Algeria's Bloody Siege Shows Al Qaeda Gone Global

by DR. LAINA FARHAT-HOLZMAN February 5, 2013

In the 1990s, well before the 9/11 attack on America, historian Samuel D. Huntington, in a groundbreaking work called The Clash of Civilizations, noted that throughout the world, every country with Islamic neighbors had "bloody borders." This book came out at a time that optimists were predicting "the end of history" and, perhaps, the end of war. Huntington was attacked as a pessimist and racist to boot.

Once more, this dazzling scholar proved his critics wrong. He had noted the pattern of conflicts, not only the familiar one between Arabs and Israelis, but also those between India and Pakistan, China and its Muslim minority, and Thailand and its Muslims. In my own book, God's Law or Man's Law, published days before 9/11/01, I wrote about the growing violence between Muslims and Christians in Nigeria. I also predicted that there would be ongoing conflict between religious fundamentalists of all sorts and modernity and secular rule.

The latest scene in our now global war with Militant Islam occurred in Algeria in January, when a huge gas plant on the edge of the Sahara Desert was attacked with many foreign engineers and workers taken hostage. The Algerian government wasted no time in trying to take down the militants and rescue those workers not yet murdered by their captors. It was indeed a bloody mess, but before we condemn the Algerians for their heavy-handedness, we need to consider that if they had not done this, the militants would have taken their hostages to multiple sympathetic Muslim sites where it would be impossible to rescue them.

Algeria is an old hand in the Islamist threat business. The military dictatorship tried many years ago to hold a free election, but when they saw that Islamists would win in their most important cities, they cancelled the election. This action set off a civil war in which thousands of people were attacked and murdered by Islamist nightriders, culminating in brazen attacks on Algiers itself, also leaving a trail of headless females who had dared go to beaches to swim or not wear hijab. The military retaliated violently against civilians thought to be protecting terrorists. Howls of outrage came from the European Union over the military's brutality and cancelling of elections, which angered defenders of elections more than the murderousness of the nightriders.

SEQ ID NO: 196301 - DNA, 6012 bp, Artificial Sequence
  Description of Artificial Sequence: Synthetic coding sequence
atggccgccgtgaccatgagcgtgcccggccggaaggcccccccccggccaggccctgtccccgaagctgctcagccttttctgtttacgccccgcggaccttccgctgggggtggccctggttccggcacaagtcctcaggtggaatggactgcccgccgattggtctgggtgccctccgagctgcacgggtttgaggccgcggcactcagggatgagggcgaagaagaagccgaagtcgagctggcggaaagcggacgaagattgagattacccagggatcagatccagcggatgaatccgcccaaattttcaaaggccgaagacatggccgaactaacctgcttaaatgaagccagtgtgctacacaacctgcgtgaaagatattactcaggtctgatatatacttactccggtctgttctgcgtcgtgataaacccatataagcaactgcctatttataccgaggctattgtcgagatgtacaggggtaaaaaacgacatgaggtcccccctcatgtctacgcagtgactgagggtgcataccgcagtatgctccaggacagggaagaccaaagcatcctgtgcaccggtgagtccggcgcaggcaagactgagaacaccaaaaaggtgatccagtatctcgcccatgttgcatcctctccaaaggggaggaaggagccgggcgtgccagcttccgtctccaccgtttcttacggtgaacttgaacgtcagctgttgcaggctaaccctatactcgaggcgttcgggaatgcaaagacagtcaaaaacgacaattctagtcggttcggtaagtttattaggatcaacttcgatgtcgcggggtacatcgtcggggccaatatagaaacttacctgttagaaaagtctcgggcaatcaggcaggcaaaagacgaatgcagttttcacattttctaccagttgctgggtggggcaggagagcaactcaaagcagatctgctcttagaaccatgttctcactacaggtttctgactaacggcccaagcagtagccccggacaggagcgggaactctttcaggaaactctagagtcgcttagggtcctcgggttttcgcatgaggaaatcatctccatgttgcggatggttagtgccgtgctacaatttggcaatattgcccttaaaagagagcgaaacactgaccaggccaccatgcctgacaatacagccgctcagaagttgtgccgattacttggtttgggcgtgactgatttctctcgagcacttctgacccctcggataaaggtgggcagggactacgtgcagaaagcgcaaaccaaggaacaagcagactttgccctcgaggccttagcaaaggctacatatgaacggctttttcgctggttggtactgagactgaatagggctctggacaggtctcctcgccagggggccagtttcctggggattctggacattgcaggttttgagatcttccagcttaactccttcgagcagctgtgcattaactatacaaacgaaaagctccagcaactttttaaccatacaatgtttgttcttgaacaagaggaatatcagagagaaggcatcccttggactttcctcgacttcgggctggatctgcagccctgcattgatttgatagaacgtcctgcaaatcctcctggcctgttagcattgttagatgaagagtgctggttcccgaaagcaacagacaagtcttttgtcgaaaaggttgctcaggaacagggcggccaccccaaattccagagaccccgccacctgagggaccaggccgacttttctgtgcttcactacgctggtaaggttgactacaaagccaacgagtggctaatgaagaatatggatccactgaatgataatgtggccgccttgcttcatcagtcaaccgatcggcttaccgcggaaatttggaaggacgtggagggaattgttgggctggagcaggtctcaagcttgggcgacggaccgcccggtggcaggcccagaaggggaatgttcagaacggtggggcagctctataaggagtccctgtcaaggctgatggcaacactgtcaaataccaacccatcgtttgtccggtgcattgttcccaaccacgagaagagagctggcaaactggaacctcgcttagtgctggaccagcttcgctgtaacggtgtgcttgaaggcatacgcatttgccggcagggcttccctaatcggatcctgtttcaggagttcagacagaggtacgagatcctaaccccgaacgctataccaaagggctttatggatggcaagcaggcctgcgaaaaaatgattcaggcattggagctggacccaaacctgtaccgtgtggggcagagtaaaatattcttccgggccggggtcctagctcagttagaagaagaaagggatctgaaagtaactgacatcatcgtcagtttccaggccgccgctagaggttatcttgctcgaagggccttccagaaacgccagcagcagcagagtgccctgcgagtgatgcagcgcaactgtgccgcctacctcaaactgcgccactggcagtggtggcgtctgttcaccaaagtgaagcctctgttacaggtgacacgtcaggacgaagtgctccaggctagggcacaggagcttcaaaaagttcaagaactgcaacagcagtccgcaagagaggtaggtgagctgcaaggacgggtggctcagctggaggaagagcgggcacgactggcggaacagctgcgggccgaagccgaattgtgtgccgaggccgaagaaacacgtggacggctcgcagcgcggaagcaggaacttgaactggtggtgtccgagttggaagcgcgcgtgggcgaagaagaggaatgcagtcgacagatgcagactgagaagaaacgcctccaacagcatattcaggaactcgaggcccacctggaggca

What makes the present bloody siege interesting is that it is no longer just Algerian thugs leaving a trail of blood through rural villages; it is an international army of sorts, with a well known leader, Mokhtar Belmoktar, all of them wearing military style uniforms. Belmoktar had recruited his army from Egypt, Mali, Niger, Mauritania, Tunisia, native Algerians, and even a couple of Canadian Muslims. A lowly driver at the plant had provided the attackers with inside knowledge of the layout. How terrible it is to have to fear that someone on the inside that you have trusted may be the author of your death. The victims included Japanese, Filipinos, Americans, British, Romanian, and French.

One witness said that about 38 workers and 29 militants died in the siege (although the full extent of this horror are still unknown, with some numbers as high as 81 dead). Algerian Prime Minister Abdelmalek Sellal told reporters that the terrorist chief "gave the order for all the foreigners to be killed, so there was a mass execution. Many hostages were killed by a bullet to the head."

Meanwhile, in Algeria's neighbor, Mali, African Al Qaeda's attempt to take over and destroy the government of Mali continues. The terrorists are far better armed and trained than the Malian army, but now France, once Mali's colonial master, with US logistics help, has come to the rescue. The rescuing force is taking back control from the Islamist terrorists village by village, much to the obvious joy of the natives.

The only good news out of this is that the Muslim World's romance with Islamists is beginning to wobble (watch Egypt). Nothing is quite as instructive as being forced to live under fundamentalist Islam to learn to hate it.
Contributing Editor Dr. Laina Farhat-Holzman is a historian, lecturer, and author of How Do You Know That? You may contact her at or

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